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What to do if Hurricane Sandy Totaled Your Car

Date posted: 11/19/2012

by Melissa Crumish on
in Insurance Center

7381 What to do if Hurricane Sandy Totaled Your CarHurricane Sandy was especially brutal on cars, destroying an estimated 250,000 vehicles. Some were crushed by toppling trees, but most were wiped out by flood waters.

If your vehicle was totaled, check your car insurance policy. If you’re only covered for liability, you’re out of luck. Only comprehensive insurance covers vehicle flood damage.  If you have comprehensive, here’s what to do:

  1. Before calling your insurance company, take pictures of your vehicle. The more hard evidence you provide, the better your chances for a high payout. Let the shutter fly. Takes lots of pictures from different angles. Snap photos of the interior, the exterior, engine compartment and trunk. Even if the flood waters have subsided, water always leaves debris behind – silt, mud, sticks –  indicating how high the water reached.
  2. Once you have photos, call your insurance agent. Don’t expect a claims adjustor to arrive within a few hours. Due to the volume of claims, it may be weeks before a claims adjustor knocks on your door.
  3. If, as expected, the claims adjustor deems your car totaled (if the water level reached the dashboard, in most instances the car will be declared totaled) you will then be asked to sign the title of the car over to the insurance company. You will then be compensated, by your insurance provider, with a check based on the car’s current market value. Keep in mind you can challenge an appraisal that you believe is too low.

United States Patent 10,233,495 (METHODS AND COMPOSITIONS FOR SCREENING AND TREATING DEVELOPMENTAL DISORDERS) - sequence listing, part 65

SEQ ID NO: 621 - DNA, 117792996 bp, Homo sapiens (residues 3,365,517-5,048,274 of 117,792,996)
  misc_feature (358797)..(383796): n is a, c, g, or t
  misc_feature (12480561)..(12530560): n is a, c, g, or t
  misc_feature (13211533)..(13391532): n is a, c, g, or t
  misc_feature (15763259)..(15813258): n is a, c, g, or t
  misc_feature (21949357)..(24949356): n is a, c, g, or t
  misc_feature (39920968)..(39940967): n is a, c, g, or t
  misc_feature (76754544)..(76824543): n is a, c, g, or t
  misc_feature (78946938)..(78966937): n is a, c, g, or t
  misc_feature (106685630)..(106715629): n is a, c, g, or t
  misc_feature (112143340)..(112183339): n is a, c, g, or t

What to do if Your Totaled Car is Not Covered by Comprehensive Insurance

If your vehicle is not covered, you have four possible hail-mary options for receiving some form of payment for you car:

  1. Check your homeowners policy. If you have good coverage, there’s a possibility it could cover your vehicle if it was parked in your garage when the damage occurred from flooding or a toppled tree.
  2. Check with the Federal Emergency Management Agency (FEMA). If your vehicle was uninsured there’s chance it may provide you with financial assistance.
  3. Check with the Small Business Association (SBA). Depending on the circumstances, the SBA may provide you with a federally subsidized loan.
  4. Sell it to a salvage yard.

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